Though I was unable to watch the various groups’ presentations live, I found the recordings did a perfectly respectable job of showing me what I missed. I thoroughly appreciated how each of the presented technologies — H5P branching scenarios (Grymaloski et al., 2021), Discord (Joubert et al., 2021), and Video-Based Learning (Koval et al., 2021) — introduced me to new angles and considerations I had not previously considered. Due to my prior experience using Slack and Microsoft Teams as a learning technology, I was particularly interested Team 4’s presentation on Discord as a tool to facilitate a Community of Inquiry (CoI) (Joubert et al., 2021). Outside of our cohort’s informal Discord server, I have not seen Discord used as an educational communication tool and I was eager to see Discord’s educational functionality in action.

My current experience is with Microsoft Teams as my school’s required communication tool for all courses. The tool is somewhat like Discord in that it allows for text, voice, and video communication, multiple channels within a “server,” along with numerous other similarities. Our school uses Teams for synchronous video classes and text-based chat areas for general announcements and team communication, with each course having its own area in Teams which are set up by the school rather than the instructor. The way the team integrated Discord into the presentation provided an opportunity to see this similar technology used in a new way, but appeared to suffer from similar issues that I have experienced with Teams. The Discord server offered a strong structure for educational communication but was unable to provide a space for private communication outside of direct messages or a separate server. From my discussions with students, I have found that our Teams setup makes students feel somewhat monitored and unable to be completely open about their learning experience. As was discussed in the presentation, students benefit from the construction of their own social space which is difficult to have when they feel the teacher is reading their messages. In fact, I have found that students will sometimes set up their own Discord server to create a space for free and open communication.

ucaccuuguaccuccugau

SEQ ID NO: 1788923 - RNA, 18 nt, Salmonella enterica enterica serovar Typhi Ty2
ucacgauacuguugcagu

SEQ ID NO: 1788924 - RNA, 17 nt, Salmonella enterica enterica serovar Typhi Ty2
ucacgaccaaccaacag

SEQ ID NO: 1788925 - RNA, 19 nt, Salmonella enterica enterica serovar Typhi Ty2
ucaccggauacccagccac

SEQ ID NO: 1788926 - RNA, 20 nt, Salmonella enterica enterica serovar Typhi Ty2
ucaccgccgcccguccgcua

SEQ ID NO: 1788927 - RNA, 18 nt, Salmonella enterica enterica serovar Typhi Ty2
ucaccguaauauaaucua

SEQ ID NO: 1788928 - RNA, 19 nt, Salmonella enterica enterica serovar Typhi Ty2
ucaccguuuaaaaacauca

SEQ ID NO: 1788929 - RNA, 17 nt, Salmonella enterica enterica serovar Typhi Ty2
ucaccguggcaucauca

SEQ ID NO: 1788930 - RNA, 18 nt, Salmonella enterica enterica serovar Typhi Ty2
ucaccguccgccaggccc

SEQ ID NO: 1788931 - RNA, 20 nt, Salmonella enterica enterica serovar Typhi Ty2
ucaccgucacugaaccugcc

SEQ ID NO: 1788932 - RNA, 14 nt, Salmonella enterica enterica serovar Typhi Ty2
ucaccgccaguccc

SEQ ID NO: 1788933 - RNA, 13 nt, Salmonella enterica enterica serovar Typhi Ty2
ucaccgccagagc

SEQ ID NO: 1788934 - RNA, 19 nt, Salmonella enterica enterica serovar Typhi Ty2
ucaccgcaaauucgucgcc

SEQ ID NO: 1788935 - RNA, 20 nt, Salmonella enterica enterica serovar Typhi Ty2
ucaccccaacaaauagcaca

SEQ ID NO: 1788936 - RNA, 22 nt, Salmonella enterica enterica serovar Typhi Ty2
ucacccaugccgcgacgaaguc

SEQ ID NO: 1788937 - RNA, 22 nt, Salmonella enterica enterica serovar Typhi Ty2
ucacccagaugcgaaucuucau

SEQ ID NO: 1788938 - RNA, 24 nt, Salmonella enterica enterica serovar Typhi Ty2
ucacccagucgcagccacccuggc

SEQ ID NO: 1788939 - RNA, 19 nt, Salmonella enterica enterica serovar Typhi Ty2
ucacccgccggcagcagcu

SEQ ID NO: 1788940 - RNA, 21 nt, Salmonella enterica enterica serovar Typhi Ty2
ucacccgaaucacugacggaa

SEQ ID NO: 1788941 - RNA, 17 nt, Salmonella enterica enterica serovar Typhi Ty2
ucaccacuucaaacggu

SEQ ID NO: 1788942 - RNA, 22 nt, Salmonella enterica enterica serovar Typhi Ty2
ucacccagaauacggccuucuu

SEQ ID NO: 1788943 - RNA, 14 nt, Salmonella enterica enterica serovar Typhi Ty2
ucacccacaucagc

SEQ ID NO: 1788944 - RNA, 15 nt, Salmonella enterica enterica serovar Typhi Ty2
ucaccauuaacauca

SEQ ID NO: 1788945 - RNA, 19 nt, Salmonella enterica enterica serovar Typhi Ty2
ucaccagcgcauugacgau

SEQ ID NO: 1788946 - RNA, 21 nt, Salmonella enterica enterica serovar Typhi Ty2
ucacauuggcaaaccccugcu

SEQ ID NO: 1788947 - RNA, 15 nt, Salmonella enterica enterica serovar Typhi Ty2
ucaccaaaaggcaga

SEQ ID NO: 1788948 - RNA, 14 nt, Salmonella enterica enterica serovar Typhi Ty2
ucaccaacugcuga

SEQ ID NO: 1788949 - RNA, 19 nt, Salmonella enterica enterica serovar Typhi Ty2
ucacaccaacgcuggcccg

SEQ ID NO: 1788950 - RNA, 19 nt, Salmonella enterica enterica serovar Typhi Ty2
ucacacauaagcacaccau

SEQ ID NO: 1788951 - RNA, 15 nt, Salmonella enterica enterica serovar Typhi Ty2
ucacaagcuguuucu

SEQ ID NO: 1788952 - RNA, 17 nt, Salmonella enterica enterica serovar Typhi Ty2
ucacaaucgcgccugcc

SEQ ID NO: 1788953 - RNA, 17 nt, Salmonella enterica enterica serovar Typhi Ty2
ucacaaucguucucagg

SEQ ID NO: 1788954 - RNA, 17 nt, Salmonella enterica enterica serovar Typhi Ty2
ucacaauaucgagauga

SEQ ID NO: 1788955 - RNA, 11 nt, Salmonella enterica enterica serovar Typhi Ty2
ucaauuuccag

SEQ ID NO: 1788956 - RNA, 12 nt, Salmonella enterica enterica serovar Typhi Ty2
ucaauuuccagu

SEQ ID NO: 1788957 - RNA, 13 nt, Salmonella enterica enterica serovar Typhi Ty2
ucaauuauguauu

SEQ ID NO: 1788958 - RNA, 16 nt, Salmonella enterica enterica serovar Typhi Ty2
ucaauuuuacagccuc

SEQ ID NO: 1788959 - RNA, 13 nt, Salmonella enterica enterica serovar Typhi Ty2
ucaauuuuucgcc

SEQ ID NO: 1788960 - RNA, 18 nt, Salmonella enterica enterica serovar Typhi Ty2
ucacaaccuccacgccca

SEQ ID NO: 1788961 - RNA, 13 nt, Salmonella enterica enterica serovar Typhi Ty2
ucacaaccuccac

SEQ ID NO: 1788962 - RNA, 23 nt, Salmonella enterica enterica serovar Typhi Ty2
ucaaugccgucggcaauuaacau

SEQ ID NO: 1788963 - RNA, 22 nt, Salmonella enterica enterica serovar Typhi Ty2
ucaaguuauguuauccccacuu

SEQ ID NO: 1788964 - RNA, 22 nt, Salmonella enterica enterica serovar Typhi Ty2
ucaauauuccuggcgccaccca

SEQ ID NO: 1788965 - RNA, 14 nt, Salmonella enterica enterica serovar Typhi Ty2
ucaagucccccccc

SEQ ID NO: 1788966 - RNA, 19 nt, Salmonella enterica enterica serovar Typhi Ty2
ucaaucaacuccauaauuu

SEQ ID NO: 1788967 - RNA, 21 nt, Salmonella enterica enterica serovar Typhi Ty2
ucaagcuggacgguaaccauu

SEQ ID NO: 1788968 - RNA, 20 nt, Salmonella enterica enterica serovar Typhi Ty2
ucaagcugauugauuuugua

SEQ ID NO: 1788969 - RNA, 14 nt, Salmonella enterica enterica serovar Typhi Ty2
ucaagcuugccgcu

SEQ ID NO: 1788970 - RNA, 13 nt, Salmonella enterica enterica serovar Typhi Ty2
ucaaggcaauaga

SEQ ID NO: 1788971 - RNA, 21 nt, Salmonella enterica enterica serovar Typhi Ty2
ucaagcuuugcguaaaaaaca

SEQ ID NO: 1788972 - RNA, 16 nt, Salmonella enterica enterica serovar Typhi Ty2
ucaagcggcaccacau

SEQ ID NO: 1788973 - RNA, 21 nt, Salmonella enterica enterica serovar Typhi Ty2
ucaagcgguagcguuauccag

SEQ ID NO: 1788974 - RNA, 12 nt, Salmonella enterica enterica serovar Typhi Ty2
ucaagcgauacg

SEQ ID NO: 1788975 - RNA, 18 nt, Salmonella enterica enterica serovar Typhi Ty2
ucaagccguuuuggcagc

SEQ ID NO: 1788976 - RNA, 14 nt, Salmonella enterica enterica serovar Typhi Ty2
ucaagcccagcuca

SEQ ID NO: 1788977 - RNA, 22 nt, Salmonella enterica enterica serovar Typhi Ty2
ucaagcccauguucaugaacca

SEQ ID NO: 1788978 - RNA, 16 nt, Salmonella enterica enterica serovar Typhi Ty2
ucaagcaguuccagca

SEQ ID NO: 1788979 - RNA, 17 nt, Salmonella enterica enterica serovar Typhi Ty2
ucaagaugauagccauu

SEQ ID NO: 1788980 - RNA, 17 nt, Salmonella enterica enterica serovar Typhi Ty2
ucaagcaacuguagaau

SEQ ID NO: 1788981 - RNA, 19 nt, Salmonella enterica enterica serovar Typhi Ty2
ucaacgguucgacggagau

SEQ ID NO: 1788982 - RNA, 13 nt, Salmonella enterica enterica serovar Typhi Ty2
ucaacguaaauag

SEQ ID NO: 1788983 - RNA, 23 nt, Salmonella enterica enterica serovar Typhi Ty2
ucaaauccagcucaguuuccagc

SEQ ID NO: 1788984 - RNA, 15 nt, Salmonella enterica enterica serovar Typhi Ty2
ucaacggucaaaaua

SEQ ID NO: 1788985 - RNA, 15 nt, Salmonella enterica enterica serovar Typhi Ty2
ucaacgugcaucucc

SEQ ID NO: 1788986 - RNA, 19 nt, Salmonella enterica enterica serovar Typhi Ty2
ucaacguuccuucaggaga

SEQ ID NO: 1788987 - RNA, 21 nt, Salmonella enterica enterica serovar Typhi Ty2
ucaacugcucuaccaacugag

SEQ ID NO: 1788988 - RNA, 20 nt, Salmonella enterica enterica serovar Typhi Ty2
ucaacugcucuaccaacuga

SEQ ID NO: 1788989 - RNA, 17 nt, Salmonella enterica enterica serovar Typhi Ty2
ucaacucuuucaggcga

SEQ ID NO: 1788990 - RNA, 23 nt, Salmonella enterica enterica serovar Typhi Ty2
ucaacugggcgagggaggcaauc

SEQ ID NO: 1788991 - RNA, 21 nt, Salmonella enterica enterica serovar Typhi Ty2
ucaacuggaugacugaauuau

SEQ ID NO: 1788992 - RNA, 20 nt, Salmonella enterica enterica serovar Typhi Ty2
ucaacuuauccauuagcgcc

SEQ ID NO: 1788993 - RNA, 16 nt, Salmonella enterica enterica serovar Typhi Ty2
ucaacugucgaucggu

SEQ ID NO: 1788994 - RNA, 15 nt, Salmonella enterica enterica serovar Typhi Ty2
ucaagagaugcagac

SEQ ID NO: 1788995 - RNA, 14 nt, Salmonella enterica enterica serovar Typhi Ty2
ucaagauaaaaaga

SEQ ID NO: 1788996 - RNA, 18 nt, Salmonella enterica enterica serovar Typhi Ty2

This brings up something that seems to be a touchy subject for post-secondary education: giving students freedom. If students need space to communicate without feeling like the institution and teacher are watching, why do we not provide it? Could Discord or Teams provide students with a separate area (or areas), free from their teacher, that mimics the school coffee shop or pub (Keengwe et al., 2013)? This could show students that the educational institution trusts them to behave like adults and, if it is still under the jurisdiction of the school’s account, could have necessary information gathered if offensive behaviour occurred within the space. As Garrison et al. (1999) said, social presence should include “risk-free expression” (p. 102), and can that happen when an instructor is able to hover of their communication? I would really like to see these communication technologies — and the schools that use them — include a built-in space where students could communicate freely without instructor presence. My attempts to find examples of schools doing this turned up empty, which is quite frustrating. Yes, there would be challenges, but isn’t that the cost of treating people like adults?


Garrison, D. R., Anderson, T., & Archer, W. (1999). Critical Inquiry in a Text-Based Environment: Computer Conferencing in Higher Education. The Internet and Higher Education, 2(2–3), 87–105.

Grymaloski, W., Dougan, S., Guichon, P., & Norum, S. (2021, May 11). Critical Analysis of H5P Branching Scenario Simulations. MALAT Webspace.

Joubert, J.-P., Rowe, C., Tran, V., & Yu, E. (2021, May 12). Team 4 Presentation: Implementing a Community of Inquiry using Discord. MALAT Webspace.

Keengwe, J., Adjei-Boateng, E., & Diteeyont, W. (2013). Facilitating active social presence and meaningful interactions in online learning. Education and Information Technologies, 18(4), 597–607.

Koval, D., Senini, A., Carpenter, J., & Beebe, K. (2021, May 14). Assignment 1: Critical Inquiry Part 2 – Team Awesomest Presentation. MALAT Webspace.

MacKay, M., Piechnik, D., Stoesz, R., Nix, C.-H., & Ruth, S. (2021, May 11). LRNT 526 | Assignment 2 | Part 2 | Augmented and Virtual Reality in Education. MALAT Webspace.